Procrastination: A college student’s best friend
by Jared Armstrong
What were you doing before reading this blog? Scrolling through Instagram? Watching TikTok? Putting off your homework? All of the above? “According to the American Psychological Association (APA), anywhere from ‘80 percent to 95 percent of college students procrastinate, particularly when it comes to doing their coursework’” (National University, 2021, p. 1). Based on this percentage, nearly all college students procrastinate in some way. I am personally guilty of procrastinating and waiting until the last minute to get my assignments turned in. However, there are many different ways to overcome procrastination which will allow you to get the most out of each and every day.
For starters, the biggest distraction is that smart phone you are either using to read this blog or have sitting right next to you. Put the phone somewhere you can no longer see it and you will immediately see an increase in your productivity. In addition, before moving your phone, set a timer for 25 minutes so that way you have a time limit for your work. Once the timer goes off, set another one for a quick five-minute break. You can now repeat this exercise for however long you plan to do your work.
If you think I’m crazy, this technique is actually known as the Pomodoro Technique which was developed by entrepreneur Francesco Cirillo when he was a college student. In essence, “the Pomodoro Technique essentially trains people to focus on tasks better by limiting the length of time they attempt to maintain that focus and ensuring restorative breaks from the effort. The method also helps them overcome their tendencies to procrastinate or multitask, both of which are known to impair productivity” (Sheldon and Wigmore, 2022, p. 1). If you want to get rid of your procrastination habits, the Pomodoro Technique is a great place to start.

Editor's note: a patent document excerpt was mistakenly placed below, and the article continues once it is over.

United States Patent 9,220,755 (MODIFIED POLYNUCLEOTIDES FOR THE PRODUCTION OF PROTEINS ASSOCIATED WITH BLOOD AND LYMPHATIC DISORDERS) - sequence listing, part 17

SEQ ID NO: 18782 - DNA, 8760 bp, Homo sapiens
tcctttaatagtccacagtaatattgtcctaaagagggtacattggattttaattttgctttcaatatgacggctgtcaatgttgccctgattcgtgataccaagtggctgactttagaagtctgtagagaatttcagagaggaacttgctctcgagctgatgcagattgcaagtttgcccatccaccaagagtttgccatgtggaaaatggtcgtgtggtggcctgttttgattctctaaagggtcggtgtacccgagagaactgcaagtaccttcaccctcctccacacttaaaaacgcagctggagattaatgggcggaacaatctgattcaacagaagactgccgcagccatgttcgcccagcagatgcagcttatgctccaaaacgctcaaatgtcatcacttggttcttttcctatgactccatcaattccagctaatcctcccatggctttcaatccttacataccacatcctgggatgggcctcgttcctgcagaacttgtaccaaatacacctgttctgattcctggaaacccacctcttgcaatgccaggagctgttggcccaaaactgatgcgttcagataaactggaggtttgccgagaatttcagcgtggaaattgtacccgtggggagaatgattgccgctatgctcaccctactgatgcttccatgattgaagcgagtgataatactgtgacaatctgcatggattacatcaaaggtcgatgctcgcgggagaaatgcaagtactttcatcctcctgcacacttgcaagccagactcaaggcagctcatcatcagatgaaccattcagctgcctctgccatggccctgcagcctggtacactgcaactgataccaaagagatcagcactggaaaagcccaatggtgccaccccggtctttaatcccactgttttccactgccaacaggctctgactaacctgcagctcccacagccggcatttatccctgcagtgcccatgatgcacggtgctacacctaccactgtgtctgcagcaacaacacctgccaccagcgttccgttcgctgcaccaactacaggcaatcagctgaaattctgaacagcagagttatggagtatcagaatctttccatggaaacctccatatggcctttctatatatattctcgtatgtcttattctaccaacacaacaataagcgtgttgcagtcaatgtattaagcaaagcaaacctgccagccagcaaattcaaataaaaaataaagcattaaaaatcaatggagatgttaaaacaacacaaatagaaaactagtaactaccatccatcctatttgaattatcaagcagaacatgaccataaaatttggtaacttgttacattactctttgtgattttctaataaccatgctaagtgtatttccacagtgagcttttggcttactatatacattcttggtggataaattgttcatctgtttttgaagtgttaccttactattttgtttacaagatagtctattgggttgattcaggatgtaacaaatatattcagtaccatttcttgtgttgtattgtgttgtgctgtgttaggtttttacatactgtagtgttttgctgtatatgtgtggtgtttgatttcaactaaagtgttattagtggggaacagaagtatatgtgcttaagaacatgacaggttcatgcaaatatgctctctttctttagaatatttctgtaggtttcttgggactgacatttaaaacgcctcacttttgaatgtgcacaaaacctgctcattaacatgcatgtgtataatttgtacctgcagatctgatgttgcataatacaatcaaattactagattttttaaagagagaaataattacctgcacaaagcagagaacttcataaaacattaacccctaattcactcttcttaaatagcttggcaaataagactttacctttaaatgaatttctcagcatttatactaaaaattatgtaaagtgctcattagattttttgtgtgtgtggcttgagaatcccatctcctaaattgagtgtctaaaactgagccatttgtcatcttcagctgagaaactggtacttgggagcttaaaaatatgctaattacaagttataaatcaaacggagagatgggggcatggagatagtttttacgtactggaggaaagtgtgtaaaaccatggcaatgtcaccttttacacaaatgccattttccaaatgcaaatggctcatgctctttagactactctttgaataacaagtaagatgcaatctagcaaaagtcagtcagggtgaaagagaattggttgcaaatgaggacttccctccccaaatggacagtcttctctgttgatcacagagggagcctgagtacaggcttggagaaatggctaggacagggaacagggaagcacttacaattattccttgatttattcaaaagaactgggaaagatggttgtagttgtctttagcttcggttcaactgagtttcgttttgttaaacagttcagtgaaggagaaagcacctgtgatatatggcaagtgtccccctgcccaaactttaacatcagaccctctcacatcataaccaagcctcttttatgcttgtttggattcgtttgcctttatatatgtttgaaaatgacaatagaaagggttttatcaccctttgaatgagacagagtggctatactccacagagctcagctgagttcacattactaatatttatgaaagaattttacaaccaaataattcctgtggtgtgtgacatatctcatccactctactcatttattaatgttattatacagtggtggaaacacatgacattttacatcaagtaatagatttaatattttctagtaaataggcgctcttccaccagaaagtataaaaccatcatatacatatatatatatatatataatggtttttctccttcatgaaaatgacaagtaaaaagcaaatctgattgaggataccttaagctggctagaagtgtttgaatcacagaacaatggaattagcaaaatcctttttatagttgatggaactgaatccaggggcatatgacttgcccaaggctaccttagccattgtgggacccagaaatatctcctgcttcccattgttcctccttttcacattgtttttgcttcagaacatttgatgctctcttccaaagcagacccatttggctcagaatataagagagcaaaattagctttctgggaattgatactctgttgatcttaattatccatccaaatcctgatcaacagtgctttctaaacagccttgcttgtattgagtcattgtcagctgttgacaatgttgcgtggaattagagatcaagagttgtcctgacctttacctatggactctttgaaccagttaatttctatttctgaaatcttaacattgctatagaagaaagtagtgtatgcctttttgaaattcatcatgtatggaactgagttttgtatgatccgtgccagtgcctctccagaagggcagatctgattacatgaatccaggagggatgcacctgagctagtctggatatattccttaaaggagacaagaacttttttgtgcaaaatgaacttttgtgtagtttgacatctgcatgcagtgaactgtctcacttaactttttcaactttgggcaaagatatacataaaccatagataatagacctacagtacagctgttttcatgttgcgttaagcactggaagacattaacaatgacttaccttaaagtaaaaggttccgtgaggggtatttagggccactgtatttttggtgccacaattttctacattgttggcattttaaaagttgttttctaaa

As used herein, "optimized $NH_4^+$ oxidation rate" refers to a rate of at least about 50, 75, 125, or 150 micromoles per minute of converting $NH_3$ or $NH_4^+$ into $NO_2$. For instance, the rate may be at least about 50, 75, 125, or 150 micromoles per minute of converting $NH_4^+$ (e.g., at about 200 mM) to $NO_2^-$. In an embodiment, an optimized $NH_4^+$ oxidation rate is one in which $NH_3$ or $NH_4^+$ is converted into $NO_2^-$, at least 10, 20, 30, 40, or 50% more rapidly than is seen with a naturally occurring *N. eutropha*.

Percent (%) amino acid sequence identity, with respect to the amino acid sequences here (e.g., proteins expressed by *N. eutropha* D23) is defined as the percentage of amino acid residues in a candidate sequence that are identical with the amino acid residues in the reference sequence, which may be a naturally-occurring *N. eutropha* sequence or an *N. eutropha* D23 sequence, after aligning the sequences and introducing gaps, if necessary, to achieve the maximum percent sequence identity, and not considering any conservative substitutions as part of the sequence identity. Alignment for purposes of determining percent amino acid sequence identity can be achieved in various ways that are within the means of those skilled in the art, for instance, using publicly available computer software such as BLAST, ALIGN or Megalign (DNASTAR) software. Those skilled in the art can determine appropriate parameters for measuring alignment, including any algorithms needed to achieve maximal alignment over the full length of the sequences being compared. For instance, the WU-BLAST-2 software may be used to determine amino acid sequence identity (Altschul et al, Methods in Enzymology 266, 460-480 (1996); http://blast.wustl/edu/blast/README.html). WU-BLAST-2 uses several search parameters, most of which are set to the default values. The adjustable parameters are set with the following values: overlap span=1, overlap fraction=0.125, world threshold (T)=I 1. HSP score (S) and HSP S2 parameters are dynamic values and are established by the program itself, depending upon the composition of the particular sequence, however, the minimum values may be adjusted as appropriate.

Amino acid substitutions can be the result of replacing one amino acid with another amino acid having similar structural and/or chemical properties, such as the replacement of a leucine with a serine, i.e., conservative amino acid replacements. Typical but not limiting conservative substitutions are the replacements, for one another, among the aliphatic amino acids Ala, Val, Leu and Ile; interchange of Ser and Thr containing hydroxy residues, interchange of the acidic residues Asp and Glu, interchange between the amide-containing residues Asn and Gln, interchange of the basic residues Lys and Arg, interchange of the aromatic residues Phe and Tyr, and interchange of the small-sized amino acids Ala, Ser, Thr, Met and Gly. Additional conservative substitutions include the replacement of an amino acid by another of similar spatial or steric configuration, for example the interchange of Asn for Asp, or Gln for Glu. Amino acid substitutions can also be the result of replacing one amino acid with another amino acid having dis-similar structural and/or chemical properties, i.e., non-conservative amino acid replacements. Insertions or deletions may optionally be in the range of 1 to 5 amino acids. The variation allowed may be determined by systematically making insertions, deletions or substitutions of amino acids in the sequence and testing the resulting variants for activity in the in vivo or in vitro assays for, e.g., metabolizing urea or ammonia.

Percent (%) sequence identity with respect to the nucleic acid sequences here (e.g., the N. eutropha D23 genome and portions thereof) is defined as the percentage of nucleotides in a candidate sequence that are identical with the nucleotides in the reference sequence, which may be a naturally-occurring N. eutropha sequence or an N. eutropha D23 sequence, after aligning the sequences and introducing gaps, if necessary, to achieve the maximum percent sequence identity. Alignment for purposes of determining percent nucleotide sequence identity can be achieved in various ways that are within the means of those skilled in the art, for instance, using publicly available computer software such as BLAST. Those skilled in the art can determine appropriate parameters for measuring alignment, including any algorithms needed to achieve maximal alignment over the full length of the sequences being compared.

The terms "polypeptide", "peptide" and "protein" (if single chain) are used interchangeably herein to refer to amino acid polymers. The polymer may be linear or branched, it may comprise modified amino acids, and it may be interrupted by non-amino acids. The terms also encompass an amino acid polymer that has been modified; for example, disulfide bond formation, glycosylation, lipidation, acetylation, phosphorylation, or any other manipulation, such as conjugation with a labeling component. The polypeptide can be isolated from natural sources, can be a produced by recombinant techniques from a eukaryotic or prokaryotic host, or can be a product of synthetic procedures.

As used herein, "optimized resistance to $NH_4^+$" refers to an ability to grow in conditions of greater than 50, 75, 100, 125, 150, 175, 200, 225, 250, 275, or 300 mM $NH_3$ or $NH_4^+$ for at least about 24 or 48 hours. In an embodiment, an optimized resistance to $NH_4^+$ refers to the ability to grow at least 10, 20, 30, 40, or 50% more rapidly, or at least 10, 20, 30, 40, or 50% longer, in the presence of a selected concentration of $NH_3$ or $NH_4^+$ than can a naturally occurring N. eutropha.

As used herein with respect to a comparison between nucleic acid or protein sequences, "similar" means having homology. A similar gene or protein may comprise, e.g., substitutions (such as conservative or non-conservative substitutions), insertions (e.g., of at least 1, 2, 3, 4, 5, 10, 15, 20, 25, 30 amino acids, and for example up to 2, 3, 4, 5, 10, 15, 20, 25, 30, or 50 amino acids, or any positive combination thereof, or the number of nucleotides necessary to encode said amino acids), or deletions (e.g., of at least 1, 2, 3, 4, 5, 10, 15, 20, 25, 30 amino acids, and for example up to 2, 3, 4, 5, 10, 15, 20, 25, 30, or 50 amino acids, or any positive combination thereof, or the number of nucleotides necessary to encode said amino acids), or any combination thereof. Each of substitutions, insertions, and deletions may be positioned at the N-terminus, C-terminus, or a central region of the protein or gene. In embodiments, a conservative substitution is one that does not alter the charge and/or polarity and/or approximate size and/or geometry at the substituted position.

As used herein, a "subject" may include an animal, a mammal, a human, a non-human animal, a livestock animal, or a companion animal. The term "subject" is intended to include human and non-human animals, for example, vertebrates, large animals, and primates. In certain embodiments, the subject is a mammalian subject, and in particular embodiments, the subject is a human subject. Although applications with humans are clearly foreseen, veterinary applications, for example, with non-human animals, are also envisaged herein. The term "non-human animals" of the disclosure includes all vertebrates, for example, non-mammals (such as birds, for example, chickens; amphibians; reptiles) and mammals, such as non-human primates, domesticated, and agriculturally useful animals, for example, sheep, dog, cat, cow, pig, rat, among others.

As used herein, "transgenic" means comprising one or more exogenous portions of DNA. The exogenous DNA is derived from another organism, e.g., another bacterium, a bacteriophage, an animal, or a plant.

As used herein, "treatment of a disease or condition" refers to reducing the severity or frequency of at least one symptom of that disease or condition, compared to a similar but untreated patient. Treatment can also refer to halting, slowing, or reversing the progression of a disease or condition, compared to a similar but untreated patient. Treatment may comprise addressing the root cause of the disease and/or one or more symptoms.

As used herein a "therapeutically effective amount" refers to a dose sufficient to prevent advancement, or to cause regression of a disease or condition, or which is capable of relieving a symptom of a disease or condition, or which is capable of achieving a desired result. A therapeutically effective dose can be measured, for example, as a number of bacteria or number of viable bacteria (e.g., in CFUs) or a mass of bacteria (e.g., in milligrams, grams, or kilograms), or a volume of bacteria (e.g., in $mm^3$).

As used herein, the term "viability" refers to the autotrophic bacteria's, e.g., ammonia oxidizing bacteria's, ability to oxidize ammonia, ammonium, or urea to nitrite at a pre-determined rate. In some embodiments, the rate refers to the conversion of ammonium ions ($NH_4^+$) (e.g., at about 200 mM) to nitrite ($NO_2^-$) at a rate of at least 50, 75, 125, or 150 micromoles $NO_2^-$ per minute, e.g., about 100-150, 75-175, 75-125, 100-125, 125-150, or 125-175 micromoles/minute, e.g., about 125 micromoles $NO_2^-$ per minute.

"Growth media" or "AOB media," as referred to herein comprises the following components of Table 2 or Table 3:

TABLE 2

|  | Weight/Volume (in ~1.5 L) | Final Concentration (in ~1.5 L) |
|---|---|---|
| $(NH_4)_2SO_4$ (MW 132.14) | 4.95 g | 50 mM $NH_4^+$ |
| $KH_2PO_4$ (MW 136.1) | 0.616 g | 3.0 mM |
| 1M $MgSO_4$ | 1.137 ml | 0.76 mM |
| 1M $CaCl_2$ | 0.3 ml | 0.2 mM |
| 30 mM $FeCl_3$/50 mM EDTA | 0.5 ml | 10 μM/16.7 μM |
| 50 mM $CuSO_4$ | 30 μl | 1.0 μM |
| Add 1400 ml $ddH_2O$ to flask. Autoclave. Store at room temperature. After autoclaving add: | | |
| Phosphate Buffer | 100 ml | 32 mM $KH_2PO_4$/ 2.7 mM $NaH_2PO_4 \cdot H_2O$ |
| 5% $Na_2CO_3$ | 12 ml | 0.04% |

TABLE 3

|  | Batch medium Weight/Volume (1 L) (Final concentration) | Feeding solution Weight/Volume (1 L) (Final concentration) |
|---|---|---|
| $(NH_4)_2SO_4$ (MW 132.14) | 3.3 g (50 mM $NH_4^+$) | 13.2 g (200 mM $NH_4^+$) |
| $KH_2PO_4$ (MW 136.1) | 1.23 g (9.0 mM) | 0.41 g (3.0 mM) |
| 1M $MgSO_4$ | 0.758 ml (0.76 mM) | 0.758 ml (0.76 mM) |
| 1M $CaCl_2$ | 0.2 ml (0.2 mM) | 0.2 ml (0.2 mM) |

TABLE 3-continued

Furthermore, there are other simple methods for you to prevent procrastination. Rather than numbing your brain with TikTok’s or social media, go outside, take a walk, get some exercise. Everything I just mentioned is widely known to improve your mood and limit your distractions. These activities will also make your mind more refreshed and ready to work. Make sure you take time every day to just take a breath and relax so that way you can see an immediate increase in your productivity.
If you struggle with procrastination, you are not alone. I have heard this phrase a lot during my college career, and it really does hold true: “The problem college students face is not a lack of time, rather it is having too much time on their hands.” Instead of wasting valuable time, make a daily schedule for yourself that includes everything you want and need to accomplish based on the time you have. Put your phone away, start doing the Pomodoro Technique and set aside time for relaxation and things that will boost your overall well-being.
So now what? Are you going to sit on your phone some more or are you going to get the most out of your day so you can have more time for fun? To procrastinate or not to procrastinate, that is the question.
National University. (2021, July 6). Helping Students Overcome Procrastination. National University. Retrieved February 23, 2023, from https://www.nu.edu/blog/helping-students-overcome-procrastination/#:~:text=According%20to%20the%20American%20Psychological,of%20every%20five%20students%20in
Sheldon, R., & Wigmore, I. (2022, September 15). What is Pomodoro Technique Time Management? WhatIs.com. Retrieved February 23, 2023, from https://www.techtarget.com/whatis/definition/pomodoro-technique#:~:text=What%20is%20the%20Pomodoro%20Technique,broken%20by%20five%2Dminute%20breaks
Do you have a compelling story or student success tips you’d like to see published on the Pearson Students blog? If you are a college student and interested in writing for us – click here to pitch your idea and get started!